Delta Shelter, a weekend cabin in Washington State, USA, by Tom Kundig of Olsen Kundig Architects. The 1000 square foot cabin is made of steel and is raised above a floodplain in a wooded valley. The 10' by 18' steel shutters can all be opened or closed simultaneously by means of a hand crank, allowing the cabin to be quickly sealed upon departure. Accommodation is over three floors, with the living room/kitchen at the top.
A secure and unexpected retreat nestled into a rocky outcropping, The Pierre (French for stone) celebrates the materiality of its Pacific Northwest site. The house - composed of concrete, wood, steel and glass, and topped with a green roof - visually and physically merges with nature. Inside, rugged surfaces of rock periodically emerge into the space, contrasting with the refined textures of the furnishings. While one side of the house is hunkered into the site, the other overlooks the water, balancing the dual desires of prospect and refuge.
Wood floorings are suitable flooring solutions in a wide array of projects, from commercial to residential. Wood is both strong enough to successfully cope with years of intensive foot traffic and attractive enough to fit various interiors. If you are contemplating wood flooring, it is important to understand the difference between types, grade and finish.
What Does Type Mean?
Wood flooring is available in two construction types. One type is made from whole wood, while a close variant is made from wood together with supplementary material. The two may look the same, but react differently in certain circumstances.
Solid Wood Flooring
Made from whole wood, these floorboards are the original wood flooring and often described as ‘real wood flooring’. The use of complete wood contributes to a lengthy service life, but in the process you also inherit the natural limitation of wood in fluctuating temperature. When temperature rises wood tends to expand and contracts when temperature drops.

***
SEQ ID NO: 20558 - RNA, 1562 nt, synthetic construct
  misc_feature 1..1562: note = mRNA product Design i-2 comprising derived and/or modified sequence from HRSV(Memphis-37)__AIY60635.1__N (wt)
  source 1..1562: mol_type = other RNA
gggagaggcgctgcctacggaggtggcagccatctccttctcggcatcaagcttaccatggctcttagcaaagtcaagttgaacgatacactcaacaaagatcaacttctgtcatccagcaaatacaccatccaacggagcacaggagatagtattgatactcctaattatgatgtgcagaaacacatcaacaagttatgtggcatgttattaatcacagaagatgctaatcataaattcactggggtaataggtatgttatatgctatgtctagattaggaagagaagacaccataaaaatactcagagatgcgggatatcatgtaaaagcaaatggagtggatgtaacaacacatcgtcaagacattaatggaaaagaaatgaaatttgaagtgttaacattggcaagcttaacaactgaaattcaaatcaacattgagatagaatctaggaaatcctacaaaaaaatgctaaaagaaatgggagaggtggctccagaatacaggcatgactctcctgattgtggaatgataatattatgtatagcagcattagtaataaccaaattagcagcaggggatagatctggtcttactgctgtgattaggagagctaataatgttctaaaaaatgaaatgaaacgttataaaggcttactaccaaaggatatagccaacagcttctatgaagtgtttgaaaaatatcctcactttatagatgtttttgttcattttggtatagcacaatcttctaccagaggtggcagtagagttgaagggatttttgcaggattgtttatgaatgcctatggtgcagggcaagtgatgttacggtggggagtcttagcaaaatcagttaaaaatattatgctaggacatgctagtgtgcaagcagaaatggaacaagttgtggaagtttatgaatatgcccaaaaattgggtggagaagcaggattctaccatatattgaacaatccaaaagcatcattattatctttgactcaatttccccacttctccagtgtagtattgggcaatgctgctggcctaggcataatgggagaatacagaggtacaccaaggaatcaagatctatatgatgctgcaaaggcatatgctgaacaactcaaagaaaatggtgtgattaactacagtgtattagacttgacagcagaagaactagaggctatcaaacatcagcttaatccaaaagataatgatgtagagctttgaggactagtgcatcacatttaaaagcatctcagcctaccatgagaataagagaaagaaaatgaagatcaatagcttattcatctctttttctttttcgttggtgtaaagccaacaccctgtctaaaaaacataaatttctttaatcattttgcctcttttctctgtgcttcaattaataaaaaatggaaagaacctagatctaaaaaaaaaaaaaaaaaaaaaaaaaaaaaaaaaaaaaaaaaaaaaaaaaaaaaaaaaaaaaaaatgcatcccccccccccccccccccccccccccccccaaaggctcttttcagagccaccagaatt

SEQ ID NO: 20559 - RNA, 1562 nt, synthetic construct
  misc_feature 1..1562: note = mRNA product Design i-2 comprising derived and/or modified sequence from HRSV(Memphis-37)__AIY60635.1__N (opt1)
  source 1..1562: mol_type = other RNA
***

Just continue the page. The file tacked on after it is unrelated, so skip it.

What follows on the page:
Where To Fit Solid – In area of high foot traffic such as commercial properties OR if you anticipate wanting to sand and recoat the floor down the line.
Engineered Wood Flooring
These floorboards are often called machine wood flooring. Each board is made from a top layer of solid wood (in thickness of 3mm to 6mm) supported by several layers of plywood, MDF and softwood. Do not confuse these engineered boards with laminate wood or wood effect flooring which are made from plastic, vinyl and wood fiber, in complete contrast to engineered wood flooring that actually contains solid wood.
Where To Fit Engineered – It is more versatile than the previous type and can be fitted across the entire property. In particular engineered wood flooring are popular as wood flooring in the bathroom and kitchen areas as well over underfloor heating. Solid wood flooring will quickly damage in these conditions from expansion and contraction.
What Does Grade Mean?